Information Security



Information Security

Information security is the practice of defending information from unauthorized access, use, disclosure, disruption, modification, perusal, inspection, recording or destruction. It is a general term that can be used regardless of the form the data may take (e.g. electronic, physical). CTG works with client’s to ensure their information is secure, and practices are in place to ensure both the physical and the network aspects of that security.

Physical Security

When we think of Information Security, we often think of firewalls, routers and password protection. But it’s actually much more than that.  Information security is the process of protecting the value and integrity of data… and that starts when you first walk in the door. Here are some basic tips and questions to consider during the process of establishing security for your office. While no system is guaranteed, it’s a great place to start:

Physical measures such as office cameras and internet ready DVR will give you the ability to monitor persons entering and exiting your offices. Cameras give you plausible deniability should you need it, and will provide aid with legal issues that might occur. Locks and restricted access to network closets and server rooms are a must.

Here are some more ways CTG has worked with clients to restrict access/entry in your building, server rooms, and remote areas:

  • Replace all key locks if you haven’t already done this.
  • Install keypads which require a unique number code to unlock the door.
  • Depending on the sensitivity of your data, consider implementing biometrics with options such as: thumbprints, handprints, and iris scanners.
  • Consider Rfid (radio frequency identification). Rfid uses any number of cards, tokens or items that use radio frequency to unlock doors.

Trust CTG to work with your environment, determine what is possible and necessary for your security, and evaluate the cost vs. risk assessment to work within your budget.


Network and Infrastructure Security

Network Infrastructure Security refers to the process of protecting data integrity. Network security can range from firewalls to antimalware, to simple password protection. We’ve developed a list of items that every business should have in place if you secure outbound to inbound traffic. Let’s start with the necessary equipment:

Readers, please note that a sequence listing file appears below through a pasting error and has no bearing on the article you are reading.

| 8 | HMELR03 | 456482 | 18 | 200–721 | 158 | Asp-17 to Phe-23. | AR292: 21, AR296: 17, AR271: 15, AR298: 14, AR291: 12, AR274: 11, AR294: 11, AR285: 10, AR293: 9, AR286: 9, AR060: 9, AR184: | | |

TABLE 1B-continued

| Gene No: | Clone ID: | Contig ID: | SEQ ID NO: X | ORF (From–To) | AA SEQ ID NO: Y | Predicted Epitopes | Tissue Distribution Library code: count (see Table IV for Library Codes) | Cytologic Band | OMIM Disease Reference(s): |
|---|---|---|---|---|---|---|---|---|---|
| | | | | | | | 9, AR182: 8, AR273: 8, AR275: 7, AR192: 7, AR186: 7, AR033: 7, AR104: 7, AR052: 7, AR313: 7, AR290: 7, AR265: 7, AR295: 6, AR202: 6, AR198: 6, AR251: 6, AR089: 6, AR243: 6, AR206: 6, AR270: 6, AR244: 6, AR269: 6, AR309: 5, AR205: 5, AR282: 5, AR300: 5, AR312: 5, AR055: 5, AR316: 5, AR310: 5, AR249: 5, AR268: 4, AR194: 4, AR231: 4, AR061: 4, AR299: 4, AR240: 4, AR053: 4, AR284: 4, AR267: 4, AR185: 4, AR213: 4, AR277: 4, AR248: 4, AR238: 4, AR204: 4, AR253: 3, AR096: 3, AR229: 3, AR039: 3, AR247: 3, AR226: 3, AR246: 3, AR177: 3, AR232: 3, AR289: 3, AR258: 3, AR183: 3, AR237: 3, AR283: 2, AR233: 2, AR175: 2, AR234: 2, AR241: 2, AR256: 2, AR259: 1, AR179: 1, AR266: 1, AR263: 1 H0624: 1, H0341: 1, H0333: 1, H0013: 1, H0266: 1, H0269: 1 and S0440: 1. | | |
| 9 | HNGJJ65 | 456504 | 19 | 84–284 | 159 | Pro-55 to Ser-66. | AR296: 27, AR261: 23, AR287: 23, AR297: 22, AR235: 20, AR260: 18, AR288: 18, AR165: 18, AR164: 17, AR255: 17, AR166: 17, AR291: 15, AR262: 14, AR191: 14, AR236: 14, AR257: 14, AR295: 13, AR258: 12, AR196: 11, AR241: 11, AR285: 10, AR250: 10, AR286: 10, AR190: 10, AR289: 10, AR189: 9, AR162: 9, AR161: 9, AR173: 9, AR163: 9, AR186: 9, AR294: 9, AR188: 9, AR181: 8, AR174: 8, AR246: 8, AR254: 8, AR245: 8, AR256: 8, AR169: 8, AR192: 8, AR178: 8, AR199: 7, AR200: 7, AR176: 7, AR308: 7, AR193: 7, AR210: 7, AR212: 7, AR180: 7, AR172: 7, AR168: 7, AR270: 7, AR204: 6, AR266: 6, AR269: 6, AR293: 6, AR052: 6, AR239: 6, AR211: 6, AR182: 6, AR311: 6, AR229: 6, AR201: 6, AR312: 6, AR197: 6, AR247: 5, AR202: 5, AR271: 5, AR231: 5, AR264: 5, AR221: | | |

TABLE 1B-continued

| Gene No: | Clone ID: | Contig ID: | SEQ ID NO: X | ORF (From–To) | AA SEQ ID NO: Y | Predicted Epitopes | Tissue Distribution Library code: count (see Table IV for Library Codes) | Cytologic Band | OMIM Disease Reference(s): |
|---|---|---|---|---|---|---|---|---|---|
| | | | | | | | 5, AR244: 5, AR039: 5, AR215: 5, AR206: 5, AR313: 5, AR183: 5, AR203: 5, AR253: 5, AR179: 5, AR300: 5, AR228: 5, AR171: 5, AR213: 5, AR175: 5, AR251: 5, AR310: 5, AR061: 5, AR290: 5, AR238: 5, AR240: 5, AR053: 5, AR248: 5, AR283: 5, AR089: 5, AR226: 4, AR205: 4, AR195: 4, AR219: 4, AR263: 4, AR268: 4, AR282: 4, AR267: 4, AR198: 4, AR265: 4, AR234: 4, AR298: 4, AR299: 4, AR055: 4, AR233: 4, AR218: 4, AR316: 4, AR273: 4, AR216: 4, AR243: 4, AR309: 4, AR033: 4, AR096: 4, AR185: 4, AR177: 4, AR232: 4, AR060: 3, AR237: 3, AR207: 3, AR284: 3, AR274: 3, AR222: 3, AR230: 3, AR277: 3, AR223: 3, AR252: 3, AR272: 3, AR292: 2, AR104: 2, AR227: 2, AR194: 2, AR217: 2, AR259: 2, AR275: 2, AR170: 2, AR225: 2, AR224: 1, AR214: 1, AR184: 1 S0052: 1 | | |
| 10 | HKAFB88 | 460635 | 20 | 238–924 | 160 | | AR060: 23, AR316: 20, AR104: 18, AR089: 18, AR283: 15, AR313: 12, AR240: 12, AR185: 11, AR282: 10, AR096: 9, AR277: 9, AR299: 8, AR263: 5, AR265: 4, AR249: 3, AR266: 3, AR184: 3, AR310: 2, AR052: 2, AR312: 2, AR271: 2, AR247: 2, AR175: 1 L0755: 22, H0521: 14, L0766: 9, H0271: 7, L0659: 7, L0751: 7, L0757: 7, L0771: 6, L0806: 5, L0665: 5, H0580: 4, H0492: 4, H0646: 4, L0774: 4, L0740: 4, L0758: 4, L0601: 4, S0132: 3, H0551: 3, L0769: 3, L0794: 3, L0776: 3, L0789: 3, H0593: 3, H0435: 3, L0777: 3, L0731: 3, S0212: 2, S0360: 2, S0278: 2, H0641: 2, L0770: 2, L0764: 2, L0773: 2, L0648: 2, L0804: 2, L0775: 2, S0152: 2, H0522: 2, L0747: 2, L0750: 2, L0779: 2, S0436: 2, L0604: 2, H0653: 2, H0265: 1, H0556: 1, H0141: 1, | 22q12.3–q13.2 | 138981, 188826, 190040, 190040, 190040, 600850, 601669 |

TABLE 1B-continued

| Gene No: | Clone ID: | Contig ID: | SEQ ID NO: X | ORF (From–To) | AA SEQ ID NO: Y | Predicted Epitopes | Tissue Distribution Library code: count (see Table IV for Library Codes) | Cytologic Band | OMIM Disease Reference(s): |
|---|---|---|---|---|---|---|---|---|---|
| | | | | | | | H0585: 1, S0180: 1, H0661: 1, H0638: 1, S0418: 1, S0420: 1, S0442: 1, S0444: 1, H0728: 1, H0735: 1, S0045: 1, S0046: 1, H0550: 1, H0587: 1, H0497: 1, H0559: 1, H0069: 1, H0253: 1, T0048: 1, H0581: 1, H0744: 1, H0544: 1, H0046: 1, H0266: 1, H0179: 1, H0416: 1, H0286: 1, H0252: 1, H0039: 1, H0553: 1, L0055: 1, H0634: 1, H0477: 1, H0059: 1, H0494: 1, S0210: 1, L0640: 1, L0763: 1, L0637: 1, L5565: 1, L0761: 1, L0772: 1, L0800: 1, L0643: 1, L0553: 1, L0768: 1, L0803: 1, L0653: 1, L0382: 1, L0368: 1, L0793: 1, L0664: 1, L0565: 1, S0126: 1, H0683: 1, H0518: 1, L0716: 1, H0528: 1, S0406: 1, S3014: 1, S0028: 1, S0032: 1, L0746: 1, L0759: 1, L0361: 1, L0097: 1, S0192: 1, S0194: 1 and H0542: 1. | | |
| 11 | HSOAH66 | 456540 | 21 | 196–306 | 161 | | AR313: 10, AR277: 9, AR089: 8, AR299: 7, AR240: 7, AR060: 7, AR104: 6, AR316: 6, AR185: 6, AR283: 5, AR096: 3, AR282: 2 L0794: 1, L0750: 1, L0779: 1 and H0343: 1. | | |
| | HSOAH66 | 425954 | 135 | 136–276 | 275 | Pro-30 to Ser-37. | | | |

Firewalls:

Firewalls are a must. They provide unauthorized access protection to your network. Firewalls filter the information passed through them, allowing only approved content through. They can also be very complex to administer throughout an organization, and are often times the main culprit when a new application you are running on your network doesn’t work. CTG offers network monitoring and management of your firewalls and networks so you don’t have to.

Antivirus and Malware:

These programs protect your network from hacking and viruses, and dangerous spyware which can steal private company or customer data. Choosing strong antivirus software is one of the easiest ways to protect your systems and improve your network security, but there are many options available. And these programs only work as well as the updates and scans your devices have…Antivirus and Malware software should be scheduled to scan your network weekly to detect any potential threats. CTG offers solutions for device management and monitoring, ensuring your systems are up to date.

Secured networking routers and switches:

This internal networking equipment security features: Securing Network Switch ports, Securing DHCP, Securing ARP. CTG can help you acquire and maintain this equipment and also provide patching for networking gears to protect from holes.

Security Audits:

Regular security audits and penetration tests are one of the best ways to measure and identify gaps in your network security. They will highlight the vulnerabilities and show how they can be exploited. CTG can then work with you to develop a plan to correct any potential issues and install or upgrade equipment to protect your network long term.